In France, Christmas food is associated with exclusivity, but not with particular dishes. A Norwegian will always ask "What do you eat on Christmas Eve?". And he doesn't mean just this year, he means every single year! And every Norwegian knows that this means a choice between four possibilities: cured lamb ribs, roast pork, lutefisk or turkey. The French don't eat the same Christmas dinner every year and they have a wide range of dishes to choose from. "Looking at it this way, I would say that Norway has much stronger Christmas food traditions than France," says PhD student Valérie Lengard.
She comes from France originally and is at Nofima Mat in Ås researching consumer perceptions and acceptance of innovation in traditional food for her doctorate. "My own family, for example, has no firm traditions about what we eat at Christmas. But we buy a lot of good, exclusive food, such as smoked salmon, snails, goose liver, chestnuts, oysters, duck and turkey. We sit and enjoy this kind of food through Christmas and on New Year's Eve, not just on Christmas Eve. And we place great emphasis on how it is prepared," explains Lengard.
"Origin and process are important in all countries at Christmas. France has more varied traditions than we have. That may be because they have traditionally had more raw materials available throughout the year than we have. In Norway, our choice of fresh raw materials was very limited for a long time, so our traditional food is naturally more limited," says consumer researcher Margrethe Hersleth.
EU project on traditional food
"Traditional food and Christmas are so closely associated for Norwegians because that is when we are together with parents and older people. No other holiday gathers the generations together in the same way," says Hersleth. She is one of those leading the enormous European research project TrueFood. There are 42 organisations taking part. Hersleth is responsible for consumer research in the project. They have been reviewing attitudes to traditional food in six European countries and looking at how consumers view potential changes to these products. "This information is vital for food producers' communication and marketing. They need to make the right changes, so that consumers get the food they want," says Margrethe Hersleth.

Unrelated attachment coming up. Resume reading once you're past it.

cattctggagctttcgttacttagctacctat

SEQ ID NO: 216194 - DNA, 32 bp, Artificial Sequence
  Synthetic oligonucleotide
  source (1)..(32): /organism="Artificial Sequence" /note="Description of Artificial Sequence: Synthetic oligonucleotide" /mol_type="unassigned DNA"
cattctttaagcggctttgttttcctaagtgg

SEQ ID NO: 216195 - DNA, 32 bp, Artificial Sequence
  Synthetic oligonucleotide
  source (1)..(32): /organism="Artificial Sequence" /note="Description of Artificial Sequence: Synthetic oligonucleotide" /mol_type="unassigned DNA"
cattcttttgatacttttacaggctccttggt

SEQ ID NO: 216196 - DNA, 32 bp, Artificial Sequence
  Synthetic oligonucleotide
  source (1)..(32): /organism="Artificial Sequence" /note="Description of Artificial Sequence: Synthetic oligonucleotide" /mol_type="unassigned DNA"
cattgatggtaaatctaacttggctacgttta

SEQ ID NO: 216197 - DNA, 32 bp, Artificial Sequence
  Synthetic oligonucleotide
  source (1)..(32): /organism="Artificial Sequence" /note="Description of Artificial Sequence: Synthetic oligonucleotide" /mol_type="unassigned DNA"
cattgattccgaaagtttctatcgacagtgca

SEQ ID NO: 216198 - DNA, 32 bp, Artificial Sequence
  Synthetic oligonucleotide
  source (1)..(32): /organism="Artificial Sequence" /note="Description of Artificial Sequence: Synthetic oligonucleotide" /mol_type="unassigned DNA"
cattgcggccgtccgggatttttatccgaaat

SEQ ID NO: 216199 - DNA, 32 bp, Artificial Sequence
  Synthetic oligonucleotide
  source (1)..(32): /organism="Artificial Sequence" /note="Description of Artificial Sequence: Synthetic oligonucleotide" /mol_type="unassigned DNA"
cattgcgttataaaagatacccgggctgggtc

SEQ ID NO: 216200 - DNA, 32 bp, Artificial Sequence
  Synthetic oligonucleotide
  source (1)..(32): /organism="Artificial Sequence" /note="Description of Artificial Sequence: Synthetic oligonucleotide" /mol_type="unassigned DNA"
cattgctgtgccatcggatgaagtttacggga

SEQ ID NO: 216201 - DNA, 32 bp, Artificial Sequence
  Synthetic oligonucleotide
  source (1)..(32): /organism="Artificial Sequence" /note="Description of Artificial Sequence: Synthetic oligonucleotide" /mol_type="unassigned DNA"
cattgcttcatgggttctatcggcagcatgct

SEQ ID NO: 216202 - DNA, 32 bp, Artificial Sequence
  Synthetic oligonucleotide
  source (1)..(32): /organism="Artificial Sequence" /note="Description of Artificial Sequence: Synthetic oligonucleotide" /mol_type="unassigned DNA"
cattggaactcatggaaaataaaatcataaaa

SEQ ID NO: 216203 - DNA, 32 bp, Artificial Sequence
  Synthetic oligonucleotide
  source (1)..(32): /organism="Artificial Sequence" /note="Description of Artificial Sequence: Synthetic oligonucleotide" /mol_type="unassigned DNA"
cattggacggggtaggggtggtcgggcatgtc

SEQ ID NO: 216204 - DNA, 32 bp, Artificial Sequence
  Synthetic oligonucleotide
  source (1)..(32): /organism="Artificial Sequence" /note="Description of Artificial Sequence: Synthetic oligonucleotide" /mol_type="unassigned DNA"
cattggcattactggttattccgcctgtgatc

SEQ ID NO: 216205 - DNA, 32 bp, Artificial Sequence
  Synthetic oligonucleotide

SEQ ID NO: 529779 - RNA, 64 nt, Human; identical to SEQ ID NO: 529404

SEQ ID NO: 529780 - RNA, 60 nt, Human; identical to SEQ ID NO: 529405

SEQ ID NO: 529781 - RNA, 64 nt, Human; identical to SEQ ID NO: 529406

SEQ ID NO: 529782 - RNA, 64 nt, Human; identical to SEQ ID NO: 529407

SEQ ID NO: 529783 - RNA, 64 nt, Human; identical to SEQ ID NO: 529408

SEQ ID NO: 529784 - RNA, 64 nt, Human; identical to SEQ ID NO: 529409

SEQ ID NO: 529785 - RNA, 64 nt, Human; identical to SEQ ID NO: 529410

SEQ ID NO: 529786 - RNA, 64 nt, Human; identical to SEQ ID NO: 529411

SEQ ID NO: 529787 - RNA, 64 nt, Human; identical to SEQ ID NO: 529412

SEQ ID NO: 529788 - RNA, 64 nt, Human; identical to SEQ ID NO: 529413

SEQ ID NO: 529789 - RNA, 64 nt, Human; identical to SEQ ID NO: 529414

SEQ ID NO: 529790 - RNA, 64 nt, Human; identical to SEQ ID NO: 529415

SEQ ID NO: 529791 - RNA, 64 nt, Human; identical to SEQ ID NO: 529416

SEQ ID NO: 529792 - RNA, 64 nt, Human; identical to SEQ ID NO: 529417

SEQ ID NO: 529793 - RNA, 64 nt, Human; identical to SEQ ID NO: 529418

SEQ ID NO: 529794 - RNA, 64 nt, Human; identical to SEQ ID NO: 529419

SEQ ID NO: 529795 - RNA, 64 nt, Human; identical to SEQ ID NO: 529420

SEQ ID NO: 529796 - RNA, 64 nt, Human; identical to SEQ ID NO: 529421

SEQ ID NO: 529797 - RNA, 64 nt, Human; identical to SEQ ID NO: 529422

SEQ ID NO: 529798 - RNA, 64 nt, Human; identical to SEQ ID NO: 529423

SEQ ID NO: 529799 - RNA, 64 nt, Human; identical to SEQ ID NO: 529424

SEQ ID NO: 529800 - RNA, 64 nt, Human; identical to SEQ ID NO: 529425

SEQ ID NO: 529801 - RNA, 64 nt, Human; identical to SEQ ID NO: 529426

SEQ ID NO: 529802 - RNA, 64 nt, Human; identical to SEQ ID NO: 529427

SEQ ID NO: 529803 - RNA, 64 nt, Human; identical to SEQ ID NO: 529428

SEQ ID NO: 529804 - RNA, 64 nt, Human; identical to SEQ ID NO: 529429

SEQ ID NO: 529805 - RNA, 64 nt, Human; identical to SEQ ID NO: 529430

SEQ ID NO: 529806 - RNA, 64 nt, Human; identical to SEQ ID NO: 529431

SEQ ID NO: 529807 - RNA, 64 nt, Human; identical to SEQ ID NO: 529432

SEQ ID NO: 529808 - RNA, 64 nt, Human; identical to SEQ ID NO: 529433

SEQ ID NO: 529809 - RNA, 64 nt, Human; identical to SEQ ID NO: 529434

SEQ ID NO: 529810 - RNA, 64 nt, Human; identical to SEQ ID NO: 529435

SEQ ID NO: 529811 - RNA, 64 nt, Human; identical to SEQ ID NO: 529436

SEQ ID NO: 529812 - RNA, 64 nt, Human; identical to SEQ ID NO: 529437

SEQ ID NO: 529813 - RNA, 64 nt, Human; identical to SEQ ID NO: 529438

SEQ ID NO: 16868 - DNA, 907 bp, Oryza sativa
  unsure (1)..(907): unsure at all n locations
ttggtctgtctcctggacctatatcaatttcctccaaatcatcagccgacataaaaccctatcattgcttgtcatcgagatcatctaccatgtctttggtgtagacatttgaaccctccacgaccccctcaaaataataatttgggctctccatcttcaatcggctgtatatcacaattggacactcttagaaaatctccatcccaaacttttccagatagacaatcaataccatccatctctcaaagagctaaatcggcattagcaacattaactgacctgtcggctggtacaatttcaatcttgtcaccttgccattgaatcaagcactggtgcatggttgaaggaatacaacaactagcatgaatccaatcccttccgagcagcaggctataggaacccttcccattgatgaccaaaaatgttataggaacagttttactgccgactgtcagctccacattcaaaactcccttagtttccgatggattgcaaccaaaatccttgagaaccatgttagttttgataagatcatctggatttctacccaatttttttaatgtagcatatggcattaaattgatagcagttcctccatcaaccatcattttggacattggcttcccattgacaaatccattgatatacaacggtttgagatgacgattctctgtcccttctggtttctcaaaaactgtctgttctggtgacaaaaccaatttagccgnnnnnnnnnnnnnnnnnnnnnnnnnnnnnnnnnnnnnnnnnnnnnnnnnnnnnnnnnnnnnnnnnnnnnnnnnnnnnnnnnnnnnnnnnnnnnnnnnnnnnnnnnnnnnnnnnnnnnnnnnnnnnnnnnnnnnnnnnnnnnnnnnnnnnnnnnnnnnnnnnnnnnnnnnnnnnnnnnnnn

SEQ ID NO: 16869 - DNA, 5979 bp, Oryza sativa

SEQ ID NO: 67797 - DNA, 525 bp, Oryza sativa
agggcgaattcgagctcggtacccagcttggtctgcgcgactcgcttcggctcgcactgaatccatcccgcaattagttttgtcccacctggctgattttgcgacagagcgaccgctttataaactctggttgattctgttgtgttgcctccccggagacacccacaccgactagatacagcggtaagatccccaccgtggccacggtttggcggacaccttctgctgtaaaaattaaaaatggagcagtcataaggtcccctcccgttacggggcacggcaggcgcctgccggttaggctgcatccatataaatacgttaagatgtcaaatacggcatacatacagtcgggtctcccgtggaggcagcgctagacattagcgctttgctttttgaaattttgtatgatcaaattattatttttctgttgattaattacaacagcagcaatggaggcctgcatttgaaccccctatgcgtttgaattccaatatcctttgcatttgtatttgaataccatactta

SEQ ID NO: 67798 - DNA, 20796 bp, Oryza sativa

Norway is a bit different
The results of the consumer studies were presented for the first time during a seminar in Paris in October. 5,000 consumers from Belgium, France, Italy, Norway, Poland and Spain took part. While Norwegians connect traditional food with Christmas and other festivals, for southern Europeans and Belgians it is more of an everyday thing. Norwegians are also less concerned about whether the food has been produced locally than are consumers in other countries. Not unexpectedly, fewer Norwegians are great eaters of traditional foods.
"The findings also probably reflect our distribution structure. We don't have specialist shops everywhere," says Hersleth. "And Norway has no tradition of weekend markets where people can go and buy locally produced food," adds Valérie Lengard. The Poles, on the other hand, are the most concerned with the history and genuineness of their traditional food.
Picture: Margrethe Hersleth (left) and Valérie Lengard
Contact: Margrethe Hersleth
Good old habits are hard to break
Origin labelled and organic please